“The police put a black sack over my head,” she recalled. “I don’t know if they were worried that I would be recognized or that I would recognize them. When they stuffed me into a vehicle, I shouted.”
She was taken to Nanjing Detention Center, where she was again tormented before being released. Her third arrest, in 2014, led to a four-year prison term at Hebei Women’s Prison No. 13, in Shijiazhuang city, Hebei Province.
“Being imprisoned for four years made me experience darkness like never before, even though I resisted the persecution as much as I could,” she said.
During her multiple arrests, she said, large volumes of blood and DNA samples were taken from her. Such biometric sampling is uniform for Falun Gong and other religious detainees. According to the U.S. State Department’s “China 2020 Human Rights Report,” an NGO noted in a report that this procedure “could indicate evidence of illicit organ trafficking.”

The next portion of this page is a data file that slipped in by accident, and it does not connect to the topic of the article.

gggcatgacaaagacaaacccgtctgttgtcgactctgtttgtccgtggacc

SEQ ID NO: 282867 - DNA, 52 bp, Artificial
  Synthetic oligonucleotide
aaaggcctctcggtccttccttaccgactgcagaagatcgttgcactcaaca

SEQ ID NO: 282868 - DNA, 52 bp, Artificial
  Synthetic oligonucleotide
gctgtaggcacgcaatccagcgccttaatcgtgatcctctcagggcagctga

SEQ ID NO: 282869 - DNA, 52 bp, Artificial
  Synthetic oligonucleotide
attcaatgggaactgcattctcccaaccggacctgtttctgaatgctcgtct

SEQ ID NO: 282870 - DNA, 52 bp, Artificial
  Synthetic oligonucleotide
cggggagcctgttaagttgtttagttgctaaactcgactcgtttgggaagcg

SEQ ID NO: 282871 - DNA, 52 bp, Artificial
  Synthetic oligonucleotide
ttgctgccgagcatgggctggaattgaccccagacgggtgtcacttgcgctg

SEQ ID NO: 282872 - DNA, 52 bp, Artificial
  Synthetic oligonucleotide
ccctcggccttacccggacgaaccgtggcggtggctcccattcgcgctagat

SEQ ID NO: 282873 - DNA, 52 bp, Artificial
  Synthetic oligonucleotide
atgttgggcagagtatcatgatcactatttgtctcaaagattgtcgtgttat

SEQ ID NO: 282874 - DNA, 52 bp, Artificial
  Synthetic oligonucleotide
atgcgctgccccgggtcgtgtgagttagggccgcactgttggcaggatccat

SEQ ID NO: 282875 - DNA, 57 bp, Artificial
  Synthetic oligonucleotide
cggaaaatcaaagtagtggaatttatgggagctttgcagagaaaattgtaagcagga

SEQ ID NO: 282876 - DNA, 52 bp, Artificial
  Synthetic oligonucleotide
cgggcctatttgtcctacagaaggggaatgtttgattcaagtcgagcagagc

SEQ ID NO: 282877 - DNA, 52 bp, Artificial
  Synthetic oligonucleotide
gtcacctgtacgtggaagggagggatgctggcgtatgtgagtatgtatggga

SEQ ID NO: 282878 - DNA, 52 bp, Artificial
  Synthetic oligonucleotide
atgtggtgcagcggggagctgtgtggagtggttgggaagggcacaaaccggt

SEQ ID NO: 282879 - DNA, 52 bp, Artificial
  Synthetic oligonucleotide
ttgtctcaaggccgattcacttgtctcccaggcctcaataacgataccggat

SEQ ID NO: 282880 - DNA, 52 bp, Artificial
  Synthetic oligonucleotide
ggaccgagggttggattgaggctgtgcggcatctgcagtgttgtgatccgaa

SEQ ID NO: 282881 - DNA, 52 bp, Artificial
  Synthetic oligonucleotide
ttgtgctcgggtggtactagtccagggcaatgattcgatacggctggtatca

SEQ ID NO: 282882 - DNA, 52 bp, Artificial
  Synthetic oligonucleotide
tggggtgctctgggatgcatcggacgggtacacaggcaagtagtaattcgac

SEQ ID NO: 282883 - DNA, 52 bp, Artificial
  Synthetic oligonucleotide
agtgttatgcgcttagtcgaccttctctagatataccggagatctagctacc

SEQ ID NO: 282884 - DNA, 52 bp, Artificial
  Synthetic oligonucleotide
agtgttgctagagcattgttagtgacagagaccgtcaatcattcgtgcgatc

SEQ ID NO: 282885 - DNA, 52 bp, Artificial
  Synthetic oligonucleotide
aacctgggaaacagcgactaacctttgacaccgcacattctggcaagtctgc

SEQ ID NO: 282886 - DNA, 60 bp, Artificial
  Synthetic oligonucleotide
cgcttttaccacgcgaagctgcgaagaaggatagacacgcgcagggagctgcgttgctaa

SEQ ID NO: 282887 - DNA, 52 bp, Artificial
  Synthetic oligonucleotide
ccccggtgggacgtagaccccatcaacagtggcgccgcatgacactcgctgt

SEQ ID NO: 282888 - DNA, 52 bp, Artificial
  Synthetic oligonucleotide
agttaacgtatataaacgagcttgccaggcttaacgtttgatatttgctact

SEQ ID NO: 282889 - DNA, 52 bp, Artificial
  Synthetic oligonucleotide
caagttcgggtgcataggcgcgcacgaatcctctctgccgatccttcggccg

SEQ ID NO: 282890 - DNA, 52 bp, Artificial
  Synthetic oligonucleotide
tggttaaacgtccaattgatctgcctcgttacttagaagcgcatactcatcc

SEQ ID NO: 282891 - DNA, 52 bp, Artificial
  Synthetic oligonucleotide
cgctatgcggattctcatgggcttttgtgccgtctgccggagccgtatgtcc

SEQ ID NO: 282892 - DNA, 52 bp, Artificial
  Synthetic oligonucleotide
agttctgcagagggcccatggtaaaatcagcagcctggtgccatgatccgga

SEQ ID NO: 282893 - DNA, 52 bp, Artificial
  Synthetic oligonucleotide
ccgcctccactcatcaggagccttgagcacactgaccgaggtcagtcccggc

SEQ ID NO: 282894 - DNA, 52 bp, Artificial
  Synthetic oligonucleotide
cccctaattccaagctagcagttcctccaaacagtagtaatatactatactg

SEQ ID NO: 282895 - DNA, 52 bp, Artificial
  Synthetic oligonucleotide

The prisons, detention centers, and labor camps unlawfully holding Falun Gong adherents and other prisoners of faith aim to “reeducate” or “transform” them, with force and coercion, to extract a “guarantee to stop practicing.”
During her detention, Chen went on a hunger strike to protest her unlawful arrest. As a result, she was force-fed several times, with each session lasting two to three hours. She was also torturously tied to a “tiger bench” and had tubes rammed through her nose, causing considerable bleeding and vomiting.
Other routine tortures included depriving her of sleep, not allowing her to use the bathroom or wash, coercing criminal inmates to choke her unconscious or beat her head against a wall, and more.
“None of the torture could change me,” she said. “What really destroyed my will was the officials making things difficult for other prisoners who sympathized with me. Someone was reprimanded and punished by many supervising policemen for sending me two lucky clovers to try to comfort me.”
The time finally came when Chen heard beatings from the corridor outside her cell, and under the pleading of other prisoners, she caved and signed a statement saying she would give up her faith—an act she describes as a form of spiritual death.